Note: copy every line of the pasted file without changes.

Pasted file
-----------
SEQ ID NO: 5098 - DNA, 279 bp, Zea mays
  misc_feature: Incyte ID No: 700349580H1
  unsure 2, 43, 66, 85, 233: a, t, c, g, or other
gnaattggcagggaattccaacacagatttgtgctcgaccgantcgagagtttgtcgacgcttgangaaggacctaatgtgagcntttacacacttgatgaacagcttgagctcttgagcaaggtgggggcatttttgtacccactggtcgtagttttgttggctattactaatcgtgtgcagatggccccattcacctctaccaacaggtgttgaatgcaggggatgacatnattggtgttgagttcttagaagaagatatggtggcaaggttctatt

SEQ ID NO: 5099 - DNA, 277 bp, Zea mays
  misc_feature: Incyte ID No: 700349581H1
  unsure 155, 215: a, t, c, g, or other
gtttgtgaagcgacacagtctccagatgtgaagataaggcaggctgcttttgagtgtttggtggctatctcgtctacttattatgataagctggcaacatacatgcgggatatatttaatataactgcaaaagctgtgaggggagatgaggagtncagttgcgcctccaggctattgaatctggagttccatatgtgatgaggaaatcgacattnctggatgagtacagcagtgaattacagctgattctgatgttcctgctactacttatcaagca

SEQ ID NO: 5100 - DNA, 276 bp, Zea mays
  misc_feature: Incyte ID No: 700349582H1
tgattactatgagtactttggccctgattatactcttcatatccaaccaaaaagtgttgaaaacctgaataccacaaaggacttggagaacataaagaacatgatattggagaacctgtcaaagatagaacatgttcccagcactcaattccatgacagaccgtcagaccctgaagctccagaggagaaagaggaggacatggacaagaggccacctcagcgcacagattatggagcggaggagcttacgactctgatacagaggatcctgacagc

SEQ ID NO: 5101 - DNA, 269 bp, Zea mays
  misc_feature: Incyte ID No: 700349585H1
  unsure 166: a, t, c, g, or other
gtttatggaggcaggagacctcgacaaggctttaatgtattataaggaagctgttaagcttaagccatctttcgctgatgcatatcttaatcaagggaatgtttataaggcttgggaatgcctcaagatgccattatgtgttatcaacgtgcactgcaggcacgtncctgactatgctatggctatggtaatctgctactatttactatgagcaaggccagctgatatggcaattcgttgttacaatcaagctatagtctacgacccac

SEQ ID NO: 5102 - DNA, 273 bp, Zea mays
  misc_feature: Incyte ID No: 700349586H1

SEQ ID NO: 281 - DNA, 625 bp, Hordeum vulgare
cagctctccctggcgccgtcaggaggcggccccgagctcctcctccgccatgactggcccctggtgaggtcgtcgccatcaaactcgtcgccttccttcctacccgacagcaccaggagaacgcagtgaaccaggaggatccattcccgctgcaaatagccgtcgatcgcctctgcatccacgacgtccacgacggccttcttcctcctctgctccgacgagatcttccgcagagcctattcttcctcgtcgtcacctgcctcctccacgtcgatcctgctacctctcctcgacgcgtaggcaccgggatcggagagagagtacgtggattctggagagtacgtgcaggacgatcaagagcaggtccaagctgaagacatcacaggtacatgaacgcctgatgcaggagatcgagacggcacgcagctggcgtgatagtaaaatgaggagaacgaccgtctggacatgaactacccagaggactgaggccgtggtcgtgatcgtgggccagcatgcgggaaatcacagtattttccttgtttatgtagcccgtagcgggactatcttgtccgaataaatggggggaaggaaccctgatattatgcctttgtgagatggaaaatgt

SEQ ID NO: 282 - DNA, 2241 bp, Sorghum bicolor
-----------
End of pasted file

SEQ ID NO: 5098 - DNA, 279 bp, Zea mays
  misc_feature: Incyte ID No: 700349580H1
  unsure 2, 43, 66, 85, 233: a, t, c, g, or other
gnaattggcagggaattccaacacagatttgtgctcgaccgantcgagagtttgtcgacgcttgangaaggacctaatgtgagcntttacacacttgatgaacagcttgagctcttgagcaaggtgggggcatttttgtacccactggtcgtagttttgttggctattactaatcgtgtgcagatggccccattcacctctaccaacaggtgttgaatgcaggggatgacatnattggtgttgagttcttagaagaagatatggtggcaaggttctatt

SEQ ID NO: 5099 - DNA, 277 bp, Zea mays
  misc_feature: Incyte ID No: 700349581H1
  unsure 155, 215: a, t, c, g, or other
gtttgtgaagcgacacagtctccagatgtgaagataaggcaggctgcttttgagtgtttggtggctatctcgtctacttattatgataagctggcaacatacatgcgggatatatttaatataactgcaaaagctgtgaggggagatgaggagtncagttgcgcctccaggctattgaatctggagttccatatgtgatgaggaaatcgacattnctggatgagtacagcagtgaattacagctgattctgatgttcctgctactacttatcaagca

SEQ ID NO: 5100 - DNA, 276 bp, Zea mays
  misc_feature: Incyte ID No: 700349582H1
tgattactatgagtactttggccctgattatactcttcatatccaaccaaaaagtgttgaaaacctgaataccacaaaggacttggagaacataaagaacatgatattggagaacctgtcaaagatagaacatgttcccagcactcaattccatgacagaccgtcagaccctgaagctccagaggagaaagaggaggacatggacaagaggccacctcagcgcacagattatggagcggaggagcttacgactctgatacagaggatcctgacagc

SEQ ID NO: 5101 - DNA, 269 bp, Zea mays
  misc_feature: Incyte ID No: 700349585H1
  unsure 166: a, t, c, g, or other
gtttatggaggcaggagacctcgacaaggctttaatgtattataaggaagctgttaagcttaagccatctttcgctgatgcatatcttaatcaagggaatgtttataaggcttgggaatgcctcaagatgccattatgtgttatcaacgtgcactgcaggcacgtncctgactatgctatggctatggtaatctgctactatttactatgagcaaggccagctgatatggcaattcgttgttacaatcaagctatagtctacgacccac

SEQ ID NO: 5102 - DNA, 273 bp, Zea mays
  misc_feature: Incyte ID No: 700349586H1

SEQ ID NO: 281 - DNA, 625 bp, Hordeum vulgare
cagctctccctggcgccgtcaggaggcggccccgagctcctcctccgccatgactggcccctggtgaggtcgtcgccatcaaactcgtcgccttccttcctacccgacagcaccaggagaacgcagtgaaccaggaggatccattcccgctgcaaatagccgtcgatcgcctctgcatccacgacgtccacgacggccttcttcctcctctgctccgacgagatcttccgcagagcctattcttcctcgtcgtcacctgcctcctccacgtcgatcctgctacctctcctcgacgcgtaggcaccgggatcggagagagagtacgtggattctggagagtacgtgcaggacgatcaagagcaggtccaagctgaagacatcacaggtacatgaacgcctgatgcaggagatcgagacggcacgcagctggcgtgatagtaaaatgaggagaacgaccgtctggacatgaactacccagaggactgaggccgtggtcgtgatcgtgggccagcatgcgggaaatcacagtattttccttgtttatgtagcccgtagcgggactatcttgtccgaataaatggggggaaggaaccctgatattatgcctttgtgagatggaaaatgt

SEQ ID NO: 282 - DNA, 2241 bp, Sorghum bicolor